Skip ribbon commands
Skip to main content

Rain barrels collect and store rainwater, which can then be used for watering your lawn, garden and potted plants. Half an inch of rainwater typically fills a 208 litre/55 gallon rain barrel. Note that you should never use collected rainwater for drinking or food preparation.

Setting up your rain barrel

Our 208 litre/55 gallon rain barrel is made of recycled plastic. It should come with a removable lid, brass tap, overflow tube and hose clamp. The lid should have a steel screen to keep debris out.

  1. Choose a location below a downspout approximately 2 metres away from the house foundation. If that's not possible, purchase an overflow device or downspout diverter from a hardware store.
  2. Place the barrel on a firm, level surface like plywood, cement block or compacted ground. To maximize barrel, raise to 350mm/ 12-16in in height.
  3. Secure and stabilize the barrel to avoid tipping hazards; a full rain barrel is very heavy.
  4. Position the downspout to fit into the screen opening. Cut the downspout if needed.
  5. Install the brass tap into the hole near the bottom front of the rain barrel. Hand tighten.
  6. Install the overflow connection/hose into the hole near the top of the rain barrel. There are two spouts blocked by a plastic disc. Choose the best side for the overflow hose and remove one disc by inserting a screwdriver or chisel from the outside and gently tapping with a hammer around the edges of the disc until it pops out.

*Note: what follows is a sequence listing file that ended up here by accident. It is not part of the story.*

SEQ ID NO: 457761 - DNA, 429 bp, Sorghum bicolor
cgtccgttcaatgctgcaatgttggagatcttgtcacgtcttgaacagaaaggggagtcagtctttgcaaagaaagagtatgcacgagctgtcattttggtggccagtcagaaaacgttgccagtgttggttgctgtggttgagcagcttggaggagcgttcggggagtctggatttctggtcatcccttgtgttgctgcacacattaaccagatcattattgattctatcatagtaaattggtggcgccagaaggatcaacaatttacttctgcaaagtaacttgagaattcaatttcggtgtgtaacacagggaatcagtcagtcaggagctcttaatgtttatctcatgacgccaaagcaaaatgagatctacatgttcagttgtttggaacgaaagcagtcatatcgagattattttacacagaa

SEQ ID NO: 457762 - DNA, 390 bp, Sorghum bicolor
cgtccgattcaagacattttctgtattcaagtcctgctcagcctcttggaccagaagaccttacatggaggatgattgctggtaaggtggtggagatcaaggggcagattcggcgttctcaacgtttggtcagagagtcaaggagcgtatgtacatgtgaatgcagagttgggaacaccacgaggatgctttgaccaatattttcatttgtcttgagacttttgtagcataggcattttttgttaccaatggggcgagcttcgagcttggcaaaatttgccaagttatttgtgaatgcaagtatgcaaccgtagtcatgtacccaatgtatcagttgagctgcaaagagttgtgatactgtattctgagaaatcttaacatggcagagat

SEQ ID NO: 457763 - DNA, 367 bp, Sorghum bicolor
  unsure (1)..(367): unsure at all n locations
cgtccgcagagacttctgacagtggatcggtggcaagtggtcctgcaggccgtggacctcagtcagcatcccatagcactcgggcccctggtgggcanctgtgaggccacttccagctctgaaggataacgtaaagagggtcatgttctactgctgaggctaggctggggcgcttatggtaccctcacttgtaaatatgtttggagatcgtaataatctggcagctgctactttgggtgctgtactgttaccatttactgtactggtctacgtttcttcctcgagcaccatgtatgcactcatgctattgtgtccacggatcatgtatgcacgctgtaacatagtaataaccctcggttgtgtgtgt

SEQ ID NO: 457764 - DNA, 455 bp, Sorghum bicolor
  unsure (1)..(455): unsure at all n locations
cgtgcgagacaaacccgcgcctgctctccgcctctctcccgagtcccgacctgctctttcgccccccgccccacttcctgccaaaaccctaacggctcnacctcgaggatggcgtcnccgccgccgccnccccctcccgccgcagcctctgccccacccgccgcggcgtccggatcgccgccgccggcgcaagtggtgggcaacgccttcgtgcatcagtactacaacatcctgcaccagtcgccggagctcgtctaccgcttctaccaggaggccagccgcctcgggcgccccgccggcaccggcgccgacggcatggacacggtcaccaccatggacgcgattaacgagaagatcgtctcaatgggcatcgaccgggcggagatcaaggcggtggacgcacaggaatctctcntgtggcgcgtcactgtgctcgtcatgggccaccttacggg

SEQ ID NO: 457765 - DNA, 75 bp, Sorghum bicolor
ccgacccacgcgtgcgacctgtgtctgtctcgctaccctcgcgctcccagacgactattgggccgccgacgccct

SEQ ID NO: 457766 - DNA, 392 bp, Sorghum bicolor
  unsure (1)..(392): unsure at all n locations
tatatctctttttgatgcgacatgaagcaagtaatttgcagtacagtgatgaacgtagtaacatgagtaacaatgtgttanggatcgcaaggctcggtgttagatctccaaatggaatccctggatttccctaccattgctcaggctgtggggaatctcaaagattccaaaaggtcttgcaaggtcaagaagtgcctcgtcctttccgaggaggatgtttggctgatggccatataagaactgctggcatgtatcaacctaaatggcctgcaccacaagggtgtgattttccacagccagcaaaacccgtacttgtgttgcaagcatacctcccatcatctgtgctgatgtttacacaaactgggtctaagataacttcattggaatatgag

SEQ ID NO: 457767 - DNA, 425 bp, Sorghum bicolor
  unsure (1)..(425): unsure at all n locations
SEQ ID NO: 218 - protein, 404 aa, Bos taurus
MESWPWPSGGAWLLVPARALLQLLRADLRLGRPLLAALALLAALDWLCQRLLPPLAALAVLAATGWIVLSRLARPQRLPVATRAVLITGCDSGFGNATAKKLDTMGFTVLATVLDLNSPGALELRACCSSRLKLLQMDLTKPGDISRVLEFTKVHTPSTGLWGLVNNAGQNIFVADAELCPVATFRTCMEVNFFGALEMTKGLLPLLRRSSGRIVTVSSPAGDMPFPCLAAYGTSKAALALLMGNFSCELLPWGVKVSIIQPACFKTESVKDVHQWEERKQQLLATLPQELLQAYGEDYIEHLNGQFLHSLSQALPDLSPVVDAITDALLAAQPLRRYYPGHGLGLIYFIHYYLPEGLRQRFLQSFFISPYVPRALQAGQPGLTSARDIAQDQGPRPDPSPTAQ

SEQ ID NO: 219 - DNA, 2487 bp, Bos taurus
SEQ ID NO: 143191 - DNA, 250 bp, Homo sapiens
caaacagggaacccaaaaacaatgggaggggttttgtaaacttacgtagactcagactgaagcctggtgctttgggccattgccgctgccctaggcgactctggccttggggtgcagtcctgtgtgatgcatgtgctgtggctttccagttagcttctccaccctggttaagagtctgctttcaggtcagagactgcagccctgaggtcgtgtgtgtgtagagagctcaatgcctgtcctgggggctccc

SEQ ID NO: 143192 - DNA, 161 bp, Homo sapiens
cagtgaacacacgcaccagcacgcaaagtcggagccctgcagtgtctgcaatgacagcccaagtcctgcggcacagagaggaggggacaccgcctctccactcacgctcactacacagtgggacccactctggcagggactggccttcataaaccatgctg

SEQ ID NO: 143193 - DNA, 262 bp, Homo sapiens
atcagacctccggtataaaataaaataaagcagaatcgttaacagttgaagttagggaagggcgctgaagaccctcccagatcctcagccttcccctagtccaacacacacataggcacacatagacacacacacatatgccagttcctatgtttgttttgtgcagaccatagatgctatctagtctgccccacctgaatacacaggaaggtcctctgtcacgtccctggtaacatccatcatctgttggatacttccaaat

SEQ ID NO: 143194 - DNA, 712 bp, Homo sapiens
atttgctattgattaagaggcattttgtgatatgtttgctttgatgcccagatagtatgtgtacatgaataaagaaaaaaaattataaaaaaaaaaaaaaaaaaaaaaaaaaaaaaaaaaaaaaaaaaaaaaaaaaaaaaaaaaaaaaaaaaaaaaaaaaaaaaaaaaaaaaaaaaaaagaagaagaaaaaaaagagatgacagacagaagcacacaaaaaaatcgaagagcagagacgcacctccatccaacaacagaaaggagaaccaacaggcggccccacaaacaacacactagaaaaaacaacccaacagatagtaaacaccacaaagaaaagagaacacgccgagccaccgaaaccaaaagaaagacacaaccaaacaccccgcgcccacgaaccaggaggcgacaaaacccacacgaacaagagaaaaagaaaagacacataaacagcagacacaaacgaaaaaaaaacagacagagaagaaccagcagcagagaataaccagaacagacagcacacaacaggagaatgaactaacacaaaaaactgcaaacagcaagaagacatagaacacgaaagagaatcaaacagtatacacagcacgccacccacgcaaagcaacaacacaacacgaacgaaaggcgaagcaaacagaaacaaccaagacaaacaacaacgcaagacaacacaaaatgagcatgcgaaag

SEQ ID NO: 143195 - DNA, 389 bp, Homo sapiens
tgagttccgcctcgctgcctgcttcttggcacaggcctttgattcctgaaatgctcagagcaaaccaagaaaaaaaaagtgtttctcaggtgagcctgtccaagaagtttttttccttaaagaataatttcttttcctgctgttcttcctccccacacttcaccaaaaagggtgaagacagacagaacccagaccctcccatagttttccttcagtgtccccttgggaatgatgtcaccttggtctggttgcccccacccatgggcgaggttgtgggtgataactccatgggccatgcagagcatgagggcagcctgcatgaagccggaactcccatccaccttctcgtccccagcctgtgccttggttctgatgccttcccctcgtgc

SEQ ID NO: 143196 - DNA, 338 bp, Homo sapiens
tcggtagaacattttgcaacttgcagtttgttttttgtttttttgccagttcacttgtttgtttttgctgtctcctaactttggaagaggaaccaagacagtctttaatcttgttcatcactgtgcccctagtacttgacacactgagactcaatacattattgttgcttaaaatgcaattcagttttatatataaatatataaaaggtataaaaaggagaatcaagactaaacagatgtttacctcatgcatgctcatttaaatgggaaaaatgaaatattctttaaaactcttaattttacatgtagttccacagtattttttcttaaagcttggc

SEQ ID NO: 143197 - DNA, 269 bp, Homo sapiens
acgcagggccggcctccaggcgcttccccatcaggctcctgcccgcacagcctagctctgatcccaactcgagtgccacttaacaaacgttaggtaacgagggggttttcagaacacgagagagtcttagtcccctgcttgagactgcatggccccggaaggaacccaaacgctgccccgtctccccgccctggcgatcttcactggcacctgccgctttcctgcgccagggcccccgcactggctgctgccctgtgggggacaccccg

7. Attach the lid to the barrel using the four screws provided.

Maintaining your rain barrel

  • Clean the screen monthly to remove debris and leaves.
  • Add a small amount of olive oil or dish soap to the water to prevent mosquitoes from breeding in your barrel.
  • Keep the lid on your barrel at all times to keep children and wildlife out.

Storing your rain barrel

In preparation for winter, drain your barrel and store it upside down in a shed or garage. If the barrel is left outside during the winter and exposed to the elements, the plastic may crack.


Collected rain water is not potable water. Never drink or ingest standing water that has been collected in a rain barrel. This water may become stagnant or contaminated, and isn't fit for human or animal consumption.